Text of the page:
Casting Rebel (5 min, 38 sec) wherein Rodriguez admits to deciding to traumatise his own child, Rebel, instead of picking on someone else’s kid. Given his age his son hasn’t seen the film and thinks that he didn’t die in the movie. When he finds out, his dad has a lot of explaining to do. With contribution from, among others, the director and his well balanced son.

Sickos, Bullets, and Explosions: The Stunts of Planet Terror (13 min, 16 sec) and we are offered more behind the scenes footage of the stunt men at work, covering everything from large explosions to shootings and stabbings; it’s all fun for these guys

The Friend, the Doctor, and the Real Estate Agent (6 min, 40 sec) and Rodriguez discuss casting his own friend in a small but memorable role. Having cast his friend he went on to cast his own Dr Felix to play Dr Felix, not content he cast his estate agent as the bar manager.

Planet Terror Poster Gallery has the lobby cards for the film including Machete.

Death Proof

Stunts on Wheels: The Legendary Drivers of Death Proof (20 min, 39 sec) Tarantino gathered together a lot of old school stunt people to create stunts which were really filmed at eighty to one hundred miles an hour, including some of the main sequences in the film.

Quentin's Greatest Collaborator - Editor Sally Menke (4 min, 36 sec) is homage to Quentin’s long time collaborator, though much of the sequence involves people saying hello to Sally in a montage of unused footage, well worth a spin.

The Guys of Death Proof (8 min, 14 sec) much like the earlier feature this covers the male cast.

Kurt Russell as Stuntman Mike (9 min, 32 sec) and it’s a love letter to Kurt Russell covering how Tarantino wanted Russell in his film as a John Carpenter icon, including a look at how much of the driving was done by Russell himself.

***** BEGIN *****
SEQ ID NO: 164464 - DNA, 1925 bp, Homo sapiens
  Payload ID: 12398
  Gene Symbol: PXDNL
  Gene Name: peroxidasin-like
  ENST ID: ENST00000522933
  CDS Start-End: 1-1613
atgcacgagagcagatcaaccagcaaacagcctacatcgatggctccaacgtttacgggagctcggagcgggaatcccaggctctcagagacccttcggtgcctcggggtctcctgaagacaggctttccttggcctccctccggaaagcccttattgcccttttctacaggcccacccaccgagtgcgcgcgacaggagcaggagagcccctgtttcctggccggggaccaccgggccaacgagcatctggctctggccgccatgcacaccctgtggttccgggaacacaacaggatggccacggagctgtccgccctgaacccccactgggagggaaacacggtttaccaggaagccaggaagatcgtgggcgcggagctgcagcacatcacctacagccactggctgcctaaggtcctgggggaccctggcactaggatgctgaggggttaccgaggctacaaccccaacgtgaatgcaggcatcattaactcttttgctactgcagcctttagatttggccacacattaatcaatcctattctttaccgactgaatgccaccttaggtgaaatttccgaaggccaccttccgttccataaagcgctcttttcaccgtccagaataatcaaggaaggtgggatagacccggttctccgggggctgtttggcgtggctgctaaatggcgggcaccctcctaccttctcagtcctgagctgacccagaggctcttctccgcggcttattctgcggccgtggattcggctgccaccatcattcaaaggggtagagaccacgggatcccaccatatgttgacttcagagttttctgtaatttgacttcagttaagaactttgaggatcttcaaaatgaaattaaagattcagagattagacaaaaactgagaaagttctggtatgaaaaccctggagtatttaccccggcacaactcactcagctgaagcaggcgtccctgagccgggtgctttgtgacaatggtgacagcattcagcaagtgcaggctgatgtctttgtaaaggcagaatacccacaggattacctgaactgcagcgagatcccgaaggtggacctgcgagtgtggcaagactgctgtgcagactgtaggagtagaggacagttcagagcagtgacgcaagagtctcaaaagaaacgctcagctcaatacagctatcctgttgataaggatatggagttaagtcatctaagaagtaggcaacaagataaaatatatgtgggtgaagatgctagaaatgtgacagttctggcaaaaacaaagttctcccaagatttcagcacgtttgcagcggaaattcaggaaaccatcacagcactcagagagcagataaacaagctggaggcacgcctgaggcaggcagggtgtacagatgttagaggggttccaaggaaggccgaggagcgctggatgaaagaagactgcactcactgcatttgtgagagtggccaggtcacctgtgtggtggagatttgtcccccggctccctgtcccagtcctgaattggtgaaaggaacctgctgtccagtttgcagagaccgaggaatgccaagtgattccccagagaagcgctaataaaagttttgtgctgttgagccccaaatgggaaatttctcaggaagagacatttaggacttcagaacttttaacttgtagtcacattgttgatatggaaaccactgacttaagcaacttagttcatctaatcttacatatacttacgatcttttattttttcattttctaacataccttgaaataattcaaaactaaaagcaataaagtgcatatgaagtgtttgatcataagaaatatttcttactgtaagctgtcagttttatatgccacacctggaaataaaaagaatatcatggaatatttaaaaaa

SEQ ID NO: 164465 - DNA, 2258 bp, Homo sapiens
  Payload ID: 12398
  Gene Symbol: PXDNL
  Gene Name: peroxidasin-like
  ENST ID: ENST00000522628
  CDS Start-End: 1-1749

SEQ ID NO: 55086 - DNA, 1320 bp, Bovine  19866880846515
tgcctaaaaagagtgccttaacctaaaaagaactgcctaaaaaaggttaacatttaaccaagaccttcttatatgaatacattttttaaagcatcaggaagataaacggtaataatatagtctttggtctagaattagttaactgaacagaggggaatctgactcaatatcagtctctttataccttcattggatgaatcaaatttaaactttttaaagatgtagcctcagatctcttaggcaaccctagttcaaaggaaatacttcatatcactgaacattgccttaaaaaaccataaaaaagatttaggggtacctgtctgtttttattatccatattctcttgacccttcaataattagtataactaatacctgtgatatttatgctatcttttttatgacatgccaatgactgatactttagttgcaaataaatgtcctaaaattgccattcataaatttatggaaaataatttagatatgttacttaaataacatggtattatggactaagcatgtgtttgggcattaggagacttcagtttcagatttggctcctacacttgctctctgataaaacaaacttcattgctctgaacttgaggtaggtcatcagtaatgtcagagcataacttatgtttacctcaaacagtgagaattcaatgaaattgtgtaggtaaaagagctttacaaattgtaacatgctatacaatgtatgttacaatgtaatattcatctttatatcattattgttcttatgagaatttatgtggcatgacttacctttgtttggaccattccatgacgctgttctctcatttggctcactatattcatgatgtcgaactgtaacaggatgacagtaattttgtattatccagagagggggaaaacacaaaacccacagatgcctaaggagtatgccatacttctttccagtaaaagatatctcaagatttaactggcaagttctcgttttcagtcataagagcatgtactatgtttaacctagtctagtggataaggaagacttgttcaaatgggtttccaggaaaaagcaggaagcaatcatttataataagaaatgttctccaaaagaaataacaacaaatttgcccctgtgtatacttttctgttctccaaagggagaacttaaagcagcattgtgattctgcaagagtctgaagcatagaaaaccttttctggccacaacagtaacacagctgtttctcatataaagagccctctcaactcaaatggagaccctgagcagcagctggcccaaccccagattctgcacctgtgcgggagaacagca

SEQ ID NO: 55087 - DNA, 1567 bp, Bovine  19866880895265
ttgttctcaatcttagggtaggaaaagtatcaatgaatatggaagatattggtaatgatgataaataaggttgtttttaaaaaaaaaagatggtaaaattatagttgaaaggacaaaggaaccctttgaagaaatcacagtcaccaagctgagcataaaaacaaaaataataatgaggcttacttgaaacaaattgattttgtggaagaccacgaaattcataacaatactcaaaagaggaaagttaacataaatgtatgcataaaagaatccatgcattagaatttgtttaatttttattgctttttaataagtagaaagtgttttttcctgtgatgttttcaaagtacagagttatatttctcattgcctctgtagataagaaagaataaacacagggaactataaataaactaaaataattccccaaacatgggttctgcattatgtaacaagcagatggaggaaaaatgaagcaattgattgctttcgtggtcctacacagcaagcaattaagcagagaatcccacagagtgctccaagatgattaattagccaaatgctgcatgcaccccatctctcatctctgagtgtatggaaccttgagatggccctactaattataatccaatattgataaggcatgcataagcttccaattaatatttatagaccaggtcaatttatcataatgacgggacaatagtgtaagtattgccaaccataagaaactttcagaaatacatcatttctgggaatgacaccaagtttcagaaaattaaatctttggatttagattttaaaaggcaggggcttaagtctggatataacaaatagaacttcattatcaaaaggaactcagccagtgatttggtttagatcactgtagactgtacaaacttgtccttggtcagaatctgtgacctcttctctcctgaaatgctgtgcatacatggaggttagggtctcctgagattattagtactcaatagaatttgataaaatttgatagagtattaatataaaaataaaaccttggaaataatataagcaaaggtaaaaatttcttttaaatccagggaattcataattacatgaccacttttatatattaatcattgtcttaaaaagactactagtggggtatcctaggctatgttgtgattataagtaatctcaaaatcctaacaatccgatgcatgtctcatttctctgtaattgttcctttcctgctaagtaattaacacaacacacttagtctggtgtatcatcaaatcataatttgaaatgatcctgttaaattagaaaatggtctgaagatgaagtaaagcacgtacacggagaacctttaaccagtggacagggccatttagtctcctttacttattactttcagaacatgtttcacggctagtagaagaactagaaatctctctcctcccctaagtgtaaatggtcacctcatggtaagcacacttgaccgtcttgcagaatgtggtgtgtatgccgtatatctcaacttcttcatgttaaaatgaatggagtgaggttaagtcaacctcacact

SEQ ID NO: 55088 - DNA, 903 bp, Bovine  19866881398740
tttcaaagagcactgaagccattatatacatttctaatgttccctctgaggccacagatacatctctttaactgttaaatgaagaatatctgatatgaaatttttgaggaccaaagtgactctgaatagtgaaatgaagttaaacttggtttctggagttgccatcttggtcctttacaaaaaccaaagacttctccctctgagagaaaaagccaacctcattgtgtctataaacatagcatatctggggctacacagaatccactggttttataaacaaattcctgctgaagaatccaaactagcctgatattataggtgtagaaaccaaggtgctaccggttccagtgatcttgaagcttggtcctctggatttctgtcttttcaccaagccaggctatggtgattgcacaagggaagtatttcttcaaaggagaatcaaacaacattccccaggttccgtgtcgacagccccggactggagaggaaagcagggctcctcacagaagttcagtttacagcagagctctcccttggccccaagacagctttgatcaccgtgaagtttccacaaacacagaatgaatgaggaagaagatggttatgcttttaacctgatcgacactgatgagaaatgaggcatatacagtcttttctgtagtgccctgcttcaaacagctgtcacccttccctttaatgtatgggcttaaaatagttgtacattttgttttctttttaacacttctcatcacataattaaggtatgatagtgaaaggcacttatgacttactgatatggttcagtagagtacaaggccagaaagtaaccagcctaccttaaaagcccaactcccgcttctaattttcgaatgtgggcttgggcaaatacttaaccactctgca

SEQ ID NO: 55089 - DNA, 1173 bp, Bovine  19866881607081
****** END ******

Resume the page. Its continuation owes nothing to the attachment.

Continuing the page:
Finding Quentin's Gals (21 min, 13 sec) there’s little doubt that the casting of the girls is pretty much near perfect. The feature has Tarantino explaining how and why he chose to dole out the various roles. There is some footage in the piece that hasn’t made it into any of the released versions, so there’s an extended director's cut waiting to be put together.

The uncut version of "Baby, It's You" by Mary Elizabeth Winstead (1 min, 46 sec).

Introducing Zoë Bell (8 min, 57 sec) and it’s a love letter, this time for Ms Bell, a very talented stunt woman, with loads of shots of her doing her thing.

Double Dare Trailer (2 min, 34 sec) Double Dare is a documentary which looks at the work of stuntwoman Jeannie Epper, amongst others.

This section closes with the Death Proof Poster Gallery and the extended musical cues 10 min, 26 sec).

The third section of extras is under the umbrella title of Grindhouse Bonus, for those of you that haven’t already gone blind from watching the extremely generous extras so far. Once again they are separated between the two features, so starting with Planet Terror we have:-

10 Minute Cooking School (8 min, 30 sec HD) where Rodriguez takes you through what you need for the perfect Texas BBQ.

The Makeup Effects of Planet Terror (12 min, 02 sec) and like the main feature this is not something you should watch whilst eating as Greg Nicotero takes us through the various stages of postulation and liquefaction.

Under Death Proof we kick off with The Hot Rods of Death Proof (11 min, 46 sec) which takes a look at what made a classic car chase great and how previous attempts determined the type of chase which ended up in Death Proof.

From Texas to Tennessee - The Production Design of Death Proof (8 min, 01 sec) and although its a short piece, there is a lot of depth here looking at the influences which were drawn upon when designing the film.

The extras continue with...

New York Times Talk with Lynn Hirschberg (1 hr, 04 min, 36 sec) wherein Robert Rodriguez and Quentin Tarantino discuss their friendship and mutual love for films, even bad ones and how this led to the Grindhouse project. The piece ends in a Q&A.

Comic Con 2006 (23 min, 35 sec) and chance to see the guys talking about the film, life and the universe, not dissimilar to the last feature.

Hobo with a Shotgun (2 min) and we have yet another spoof trailer.

The disc is a HMV exclusive, and about as comprehensive a look at a film as you can get, it’s not often that a reviewer starts to think that the extras are moving into the overkill zone. It’s worth getting even if you bought the separate releases, but what you will make of a cultural even which happened to only a small minority is anyone’s guess. If I had to say which film I like best then it would be Planet Terror, Tarantino struggles to make a bad picture, which wasn’t really the point of the exercise.


Charles Packer